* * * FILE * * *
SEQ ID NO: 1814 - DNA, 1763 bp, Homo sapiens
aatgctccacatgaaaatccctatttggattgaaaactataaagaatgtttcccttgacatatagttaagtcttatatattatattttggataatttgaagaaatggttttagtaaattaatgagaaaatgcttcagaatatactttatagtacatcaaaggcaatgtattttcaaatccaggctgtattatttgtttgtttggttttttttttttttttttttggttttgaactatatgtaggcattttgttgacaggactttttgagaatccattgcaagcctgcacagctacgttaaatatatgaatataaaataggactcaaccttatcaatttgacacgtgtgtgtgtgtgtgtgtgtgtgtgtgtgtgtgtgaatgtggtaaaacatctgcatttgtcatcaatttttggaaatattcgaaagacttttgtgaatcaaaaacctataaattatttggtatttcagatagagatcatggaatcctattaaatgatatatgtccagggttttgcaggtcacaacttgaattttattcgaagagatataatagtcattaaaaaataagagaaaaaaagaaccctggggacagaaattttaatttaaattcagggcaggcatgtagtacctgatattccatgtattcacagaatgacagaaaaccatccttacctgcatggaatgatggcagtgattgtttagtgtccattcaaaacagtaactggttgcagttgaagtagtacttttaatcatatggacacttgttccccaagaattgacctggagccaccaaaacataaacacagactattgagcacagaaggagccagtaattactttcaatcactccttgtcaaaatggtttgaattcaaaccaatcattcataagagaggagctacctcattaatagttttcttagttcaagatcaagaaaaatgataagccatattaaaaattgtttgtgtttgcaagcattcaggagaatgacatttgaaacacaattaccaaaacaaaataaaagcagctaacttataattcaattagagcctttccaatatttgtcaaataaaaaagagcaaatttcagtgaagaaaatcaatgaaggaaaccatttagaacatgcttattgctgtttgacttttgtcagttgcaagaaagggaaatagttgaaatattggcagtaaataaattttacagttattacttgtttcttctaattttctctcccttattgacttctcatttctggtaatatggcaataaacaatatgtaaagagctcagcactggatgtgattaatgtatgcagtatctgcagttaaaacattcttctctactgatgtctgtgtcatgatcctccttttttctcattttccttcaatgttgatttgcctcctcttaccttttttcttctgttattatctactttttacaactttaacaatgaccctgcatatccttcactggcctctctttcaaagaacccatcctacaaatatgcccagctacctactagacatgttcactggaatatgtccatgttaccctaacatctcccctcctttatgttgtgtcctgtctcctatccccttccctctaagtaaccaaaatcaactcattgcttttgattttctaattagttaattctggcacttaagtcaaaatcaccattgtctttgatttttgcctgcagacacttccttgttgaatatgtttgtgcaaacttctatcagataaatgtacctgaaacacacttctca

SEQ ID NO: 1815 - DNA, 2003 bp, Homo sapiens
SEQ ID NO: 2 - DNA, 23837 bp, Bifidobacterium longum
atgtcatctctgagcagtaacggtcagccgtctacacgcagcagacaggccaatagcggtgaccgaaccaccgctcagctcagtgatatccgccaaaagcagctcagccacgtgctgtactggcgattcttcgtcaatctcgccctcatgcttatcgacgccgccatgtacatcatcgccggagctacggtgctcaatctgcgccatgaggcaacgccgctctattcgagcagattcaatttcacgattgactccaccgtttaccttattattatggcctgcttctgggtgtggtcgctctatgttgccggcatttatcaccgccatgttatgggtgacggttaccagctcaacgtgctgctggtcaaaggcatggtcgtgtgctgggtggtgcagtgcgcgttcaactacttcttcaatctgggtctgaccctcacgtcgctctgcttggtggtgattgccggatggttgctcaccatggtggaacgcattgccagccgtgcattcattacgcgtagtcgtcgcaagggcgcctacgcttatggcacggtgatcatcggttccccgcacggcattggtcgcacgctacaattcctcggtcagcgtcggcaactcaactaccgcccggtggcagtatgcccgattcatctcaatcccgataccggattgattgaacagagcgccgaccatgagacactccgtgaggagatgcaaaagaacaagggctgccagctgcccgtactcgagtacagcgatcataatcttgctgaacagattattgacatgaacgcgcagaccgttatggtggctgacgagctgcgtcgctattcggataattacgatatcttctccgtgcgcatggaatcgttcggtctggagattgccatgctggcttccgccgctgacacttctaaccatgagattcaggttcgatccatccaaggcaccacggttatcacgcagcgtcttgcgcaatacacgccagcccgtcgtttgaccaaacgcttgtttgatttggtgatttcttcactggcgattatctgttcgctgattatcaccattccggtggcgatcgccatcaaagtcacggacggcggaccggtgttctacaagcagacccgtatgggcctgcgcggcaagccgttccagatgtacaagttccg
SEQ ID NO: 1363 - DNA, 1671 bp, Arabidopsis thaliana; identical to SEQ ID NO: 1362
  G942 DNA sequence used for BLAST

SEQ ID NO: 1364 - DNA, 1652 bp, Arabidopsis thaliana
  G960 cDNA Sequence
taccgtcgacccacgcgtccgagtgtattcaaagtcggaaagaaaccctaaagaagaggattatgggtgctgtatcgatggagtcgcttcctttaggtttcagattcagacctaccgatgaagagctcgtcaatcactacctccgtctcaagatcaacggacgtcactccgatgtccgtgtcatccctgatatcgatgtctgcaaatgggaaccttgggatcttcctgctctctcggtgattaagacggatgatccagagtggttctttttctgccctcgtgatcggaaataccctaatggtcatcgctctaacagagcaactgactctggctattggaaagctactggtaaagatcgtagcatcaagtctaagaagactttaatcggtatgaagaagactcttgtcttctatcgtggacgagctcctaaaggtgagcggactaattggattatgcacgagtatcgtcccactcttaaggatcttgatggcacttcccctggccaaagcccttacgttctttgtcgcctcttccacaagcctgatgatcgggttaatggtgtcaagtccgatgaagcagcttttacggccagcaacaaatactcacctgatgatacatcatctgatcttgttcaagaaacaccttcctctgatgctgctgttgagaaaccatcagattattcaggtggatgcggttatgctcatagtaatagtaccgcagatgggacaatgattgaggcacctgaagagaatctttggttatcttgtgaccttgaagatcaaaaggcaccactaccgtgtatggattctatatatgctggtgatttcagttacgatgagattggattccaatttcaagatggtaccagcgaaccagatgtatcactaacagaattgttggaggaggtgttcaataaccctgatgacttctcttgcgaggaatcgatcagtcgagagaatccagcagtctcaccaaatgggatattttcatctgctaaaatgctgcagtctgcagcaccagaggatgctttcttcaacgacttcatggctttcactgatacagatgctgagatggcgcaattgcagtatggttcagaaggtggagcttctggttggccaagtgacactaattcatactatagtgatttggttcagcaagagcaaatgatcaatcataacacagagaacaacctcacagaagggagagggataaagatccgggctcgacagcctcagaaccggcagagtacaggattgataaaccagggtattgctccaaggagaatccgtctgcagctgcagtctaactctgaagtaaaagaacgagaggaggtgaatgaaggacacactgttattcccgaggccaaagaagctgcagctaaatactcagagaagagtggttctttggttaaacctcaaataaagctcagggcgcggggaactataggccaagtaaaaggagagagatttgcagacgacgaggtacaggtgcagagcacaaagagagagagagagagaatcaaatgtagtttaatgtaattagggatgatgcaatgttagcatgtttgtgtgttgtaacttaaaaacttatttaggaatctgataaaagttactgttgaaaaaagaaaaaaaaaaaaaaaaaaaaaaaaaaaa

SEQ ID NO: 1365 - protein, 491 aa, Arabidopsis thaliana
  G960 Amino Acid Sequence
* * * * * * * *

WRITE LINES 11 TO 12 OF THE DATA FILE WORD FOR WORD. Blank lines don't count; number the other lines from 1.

SEQ ID NO: 1365 - protein, 491 aa, Arabidopsis thaliana
  G960 Amino Acid Sequence